Anger is rarely a helpful emotion. Particularly when it comes to politics. I have always preferred to give some respect to people who hold different opinions to me and to be prepared to talk out differences and try to learn something from open minded discussion. I also think that anger is rarely constructive and usually damages anyone who holds onto it far more than it damages the person who has provoked it. Yet there comes a point when anger is the only rational reaction to what is happening. A time when the only healthy reaction to events is utter and complete fury. That point has been reached. Nationally and internationally.
I am angry
I am angry that the incredible outpouring of community spirit that saw us through the pandemic was so badly betrayed by a government that cynically ignored its own rules.
I am angry that Vladimir Putin’s agents have been allowed to pour money into far-right nationalist causes that have undermined democracy and helped saddle the world with Donald Trump, Marine Le Pen and Brexit.
I am annoyed that Brexit has proved such a disaster but no one in either of the two largest political parties in Britain is prepared to stand up and say so.
I am angry that the planet has been covered in a thin layer of microplastic that can never be removed from the environment. I am even more angry that more plastic is being produced each year than ever before.
It makes me ashamed and angry that every day unique species that have taken millions of years to evolve are being casually eliminated across our planet in return for a little temporary profit for a few.
I am cross that 66% of British voters want a government to the left of the Conservatives and yet the public is being told it must accept a prime minister from the right of that party selected by a tiny minority of political fanatics who have successfully infiltrated and taken over that party.
I am angry that the BBC can no longer be trusted to provide impartial news coverage because friends of the government have been appointed to run it and it has been bullied into compliance by funding cuts.
Look around and see why people are angry
I am apoplectic that Britain’s rivers and coastlines are being treated as routine dumping grounds for sewage by water companies that have no respect for the public they claim to serve.
It enrages me that fracking is being spoken of as a way of dealing with dependence on expensive fossil fuels by someone who is expected to be our next prime minister.
It infuriates me that fuel companies have deliberately pushed up prices and pocketed billions from the misery of those who can’t afford to heat their homes. It disgusts me that the government that failed to help people insulate those homes now tries to put the blame for price rises on so-called ‘green’ levies.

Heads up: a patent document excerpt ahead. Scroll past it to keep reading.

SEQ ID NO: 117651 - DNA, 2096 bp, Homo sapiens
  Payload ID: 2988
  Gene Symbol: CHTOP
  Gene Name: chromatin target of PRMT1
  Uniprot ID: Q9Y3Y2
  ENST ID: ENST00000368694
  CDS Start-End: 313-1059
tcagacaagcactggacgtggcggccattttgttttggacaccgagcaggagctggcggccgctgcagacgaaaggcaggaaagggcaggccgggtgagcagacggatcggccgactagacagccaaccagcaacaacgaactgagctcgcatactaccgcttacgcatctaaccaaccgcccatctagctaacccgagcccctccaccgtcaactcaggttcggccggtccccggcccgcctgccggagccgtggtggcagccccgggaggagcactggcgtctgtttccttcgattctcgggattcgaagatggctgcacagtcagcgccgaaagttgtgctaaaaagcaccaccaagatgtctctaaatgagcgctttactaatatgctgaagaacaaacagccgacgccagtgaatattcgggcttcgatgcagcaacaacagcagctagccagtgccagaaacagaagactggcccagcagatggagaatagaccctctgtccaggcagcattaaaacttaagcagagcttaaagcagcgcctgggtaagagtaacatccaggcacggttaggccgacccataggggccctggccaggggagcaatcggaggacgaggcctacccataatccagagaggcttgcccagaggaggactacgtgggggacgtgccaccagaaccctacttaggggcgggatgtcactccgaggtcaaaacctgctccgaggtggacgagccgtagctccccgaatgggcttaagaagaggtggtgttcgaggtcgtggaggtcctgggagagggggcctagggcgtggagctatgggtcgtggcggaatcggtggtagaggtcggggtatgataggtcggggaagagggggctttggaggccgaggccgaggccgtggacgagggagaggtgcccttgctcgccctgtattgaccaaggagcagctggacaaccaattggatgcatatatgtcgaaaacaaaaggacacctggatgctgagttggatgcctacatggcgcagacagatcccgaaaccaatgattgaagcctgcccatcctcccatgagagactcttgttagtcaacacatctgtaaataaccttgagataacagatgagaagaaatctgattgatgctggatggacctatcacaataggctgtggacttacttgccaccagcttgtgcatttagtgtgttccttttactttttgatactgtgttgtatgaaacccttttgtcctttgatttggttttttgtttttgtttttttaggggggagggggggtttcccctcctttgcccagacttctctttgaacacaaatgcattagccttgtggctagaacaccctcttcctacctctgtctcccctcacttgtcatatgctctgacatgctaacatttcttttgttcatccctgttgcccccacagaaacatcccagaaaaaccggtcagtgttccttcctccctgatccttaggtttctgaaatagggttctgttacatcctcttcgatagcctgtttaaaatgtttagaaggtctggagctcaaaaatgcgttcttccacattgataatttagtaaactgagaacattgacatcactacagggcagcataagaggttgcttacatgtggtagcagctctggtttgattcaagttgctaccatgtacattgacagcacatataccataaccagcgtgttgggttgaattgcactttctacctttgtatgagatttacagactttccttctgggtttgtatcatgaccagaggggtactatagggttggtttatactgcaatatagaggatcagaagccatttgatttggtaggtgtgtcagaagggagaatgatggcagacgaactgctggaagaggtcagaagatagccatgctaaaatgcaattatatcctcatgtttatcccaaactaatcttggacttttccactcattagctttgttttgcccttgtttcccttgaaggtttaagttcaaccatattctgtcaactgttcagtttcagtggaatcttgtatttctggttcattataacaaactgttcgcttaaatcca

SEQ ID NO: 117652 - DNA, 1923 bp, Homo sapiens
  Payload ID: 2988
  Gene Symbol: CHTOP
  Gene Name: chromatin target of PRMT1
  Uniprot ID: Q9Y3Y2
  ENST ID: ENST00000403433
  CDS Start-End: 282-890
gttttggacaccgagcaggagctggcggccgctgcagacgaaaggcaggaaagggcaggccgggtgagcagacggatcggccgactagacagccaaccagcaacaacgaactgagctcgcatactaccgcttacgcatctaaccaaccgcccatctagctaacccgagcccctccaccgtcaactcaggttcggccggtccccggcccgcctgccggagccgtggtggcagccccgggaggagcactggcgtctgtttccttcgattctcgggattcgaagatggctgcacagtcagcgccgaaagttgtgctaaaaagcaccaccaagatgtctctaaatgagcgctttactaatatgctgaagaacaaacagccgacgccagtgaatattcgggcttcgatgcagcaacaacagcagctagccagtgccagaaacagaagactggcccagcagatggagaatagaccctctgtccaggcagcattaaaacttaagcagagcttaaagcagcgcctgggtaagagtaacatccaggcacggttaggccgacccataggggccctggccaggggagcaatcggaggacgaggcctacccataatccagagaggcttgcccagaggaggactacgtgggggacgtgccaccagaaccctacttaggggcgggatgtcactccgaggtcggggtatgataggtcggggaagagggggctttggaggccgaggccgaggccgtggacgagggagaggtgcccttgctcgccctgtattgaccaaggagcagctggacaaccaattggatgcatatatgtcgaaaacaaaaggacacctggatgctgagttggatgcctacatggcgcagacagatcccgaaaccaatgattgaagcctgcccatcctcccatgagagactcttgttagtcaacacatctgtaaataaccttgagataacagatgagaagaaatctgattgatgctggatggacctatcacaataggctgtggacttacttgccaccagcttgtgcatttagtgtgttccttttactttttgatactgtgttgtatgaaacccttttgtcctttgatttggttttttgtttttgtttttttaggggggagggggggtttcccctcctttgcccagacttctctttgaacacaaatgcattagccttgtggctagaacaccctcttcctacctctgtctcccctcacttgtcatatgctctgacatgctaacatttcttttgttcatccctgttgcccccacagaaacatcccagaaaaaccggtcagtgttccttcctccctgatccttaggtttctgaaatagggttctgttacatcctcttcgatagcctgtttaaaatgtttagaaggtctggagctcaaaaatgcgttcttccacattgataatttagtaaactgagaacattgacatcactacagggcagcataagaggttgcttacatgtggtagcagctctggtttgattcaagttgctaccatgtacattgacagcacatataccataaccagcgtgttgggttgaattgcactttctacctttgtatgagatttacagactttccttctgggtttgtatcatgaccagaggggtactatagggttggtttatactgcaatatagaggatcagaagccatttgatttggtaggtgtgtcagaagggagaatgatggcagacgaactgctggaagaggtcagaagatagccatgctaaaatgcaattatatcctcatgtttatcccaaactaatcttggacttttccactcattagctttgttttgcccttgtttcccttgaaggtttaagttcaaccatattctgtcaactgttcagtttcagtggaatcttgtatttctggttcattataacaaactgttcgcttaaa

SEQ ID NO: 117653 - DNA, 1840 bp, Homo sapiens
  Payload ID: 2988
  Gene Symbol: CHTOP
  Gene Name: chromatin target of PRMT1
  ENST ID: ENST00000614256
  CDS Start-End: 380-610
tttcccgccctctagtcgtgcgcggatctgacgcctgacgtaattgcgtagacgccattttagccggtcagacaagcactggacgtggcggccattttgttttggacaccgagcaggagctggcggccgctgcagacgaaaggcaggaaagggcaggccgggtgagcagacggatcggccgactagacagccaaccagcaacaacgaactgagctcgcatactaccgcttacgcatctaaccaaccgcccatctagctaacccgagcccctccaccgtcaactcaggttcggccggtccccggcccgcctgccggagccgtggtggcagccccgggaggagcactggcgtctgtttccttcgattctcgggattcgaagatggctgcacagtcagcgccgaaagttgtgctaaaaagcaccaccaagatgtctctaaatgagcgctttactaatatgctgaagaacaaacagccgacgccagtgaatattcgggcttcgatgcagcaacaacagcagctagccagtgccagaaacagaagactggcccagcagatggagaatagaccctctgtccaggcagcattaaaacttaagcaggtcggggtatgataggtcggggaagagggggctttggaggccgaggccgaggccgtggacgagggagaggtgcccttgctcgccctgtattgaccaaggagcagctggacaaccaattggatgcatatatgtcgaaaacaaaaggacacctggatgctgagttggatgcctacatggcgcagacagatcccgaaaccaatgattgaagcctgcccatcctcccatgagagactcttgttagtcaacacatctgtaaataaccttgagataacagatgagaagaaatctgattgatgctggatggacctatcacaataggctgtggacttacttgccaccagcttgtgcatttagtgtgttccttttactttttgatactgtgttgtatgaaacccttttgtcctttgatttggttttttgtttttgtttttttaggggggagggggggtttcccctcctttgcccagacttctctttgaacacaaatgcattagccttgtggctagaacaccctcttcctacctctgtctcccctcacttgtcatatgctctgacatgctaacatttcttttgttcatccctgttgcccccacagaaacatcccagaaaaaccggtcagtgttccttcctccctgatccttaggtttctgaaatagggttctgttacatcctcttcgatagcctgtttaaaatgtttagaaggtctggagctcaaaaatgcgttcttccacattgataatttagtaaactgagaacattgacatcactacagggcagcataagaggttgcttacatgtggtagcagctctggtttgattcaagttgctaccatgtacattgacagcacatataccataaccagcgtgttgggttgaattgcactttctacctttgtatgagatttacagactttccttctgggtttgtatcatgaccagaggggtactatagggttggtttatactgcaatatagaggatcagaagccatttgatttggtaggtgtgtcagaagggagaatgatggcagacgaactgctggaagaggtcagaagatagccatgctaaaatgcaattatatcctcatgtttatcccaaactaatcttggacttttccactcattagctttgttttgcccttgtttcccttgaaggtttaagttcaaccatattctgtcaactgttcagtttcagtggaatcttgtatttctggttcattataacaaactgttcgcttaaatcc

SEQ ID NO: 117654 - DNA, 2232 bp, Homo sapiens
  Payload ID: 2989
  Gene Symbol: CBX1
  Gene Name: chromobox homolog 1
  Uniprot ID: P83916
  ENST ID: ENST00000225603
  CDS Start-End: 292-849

I get really annoyed when rail workers and even barristers go on strike. Because they shouldn’t have to. No one should be expected to take a real-terms pay cut and then have to lose pay to try and defend their standard of living.
I am furious about the way this government has treated doctors, nurses, teachers and care workers as if they are an expense and a problem instead of a huge asset.
I am incensed that it has become impossible for young people to buy a home relying on an average salary and that decent council rented homes are still being sold off at a discount in the middle of a severe shortage.
I am appalled that we live in a culture where women who peacefully demonstrated about the death of Sarah Everard were pursued through the courts for months instead of being helped by the police to make the streets safer.
I cannot be anything but justifiably furious when children cannot get a dentist and sick people are expected to battle for hours to get a doctor’s appointment with someone who doesn’t know their medical history and has 15 minutes to read the notes and make a diagnosis.
I am beyond angry that the climate has already been seriously destabilised and governments are planning to carry on pumping out CO2 and methane for another 28 years. I get mad as hell when those who ask for urgent action are told they are wasting money and exaggerating the need for urgent action.
It enrages me when Jacob Rees-Mogg lolls about on the benches of the House of Commons and then sneeringly lectures public servants about being lazy.
I am beyond myself with rage when I hear far-right Americans Donald Trump to exploit their trust and cheer on their own exploitation.
I am every bit as angry when I hear Putin exploits Russian nationalism as he disgraces and weakens his own country and sacrifices the lives of thousands in a calculated act of aggression towards a peaceful neighbour.
I can scarcely contain my fury when I realise that a prime minister who was forced out of office because of constant lying and cheating is to be replaced by someone even further to the right and even further out of touch with the needs of the country.
Am I just old and bitter?
Does this mean that I have become old and bitter and need to lighten up? Or does this mean that we are being led in the wrong direction by the wrong people and that the only way to retain our sanity and save our civilisation is to fight back hard and fast?
I leave it to the reader’s judgement as to whether I need therapy or whether we need a new government!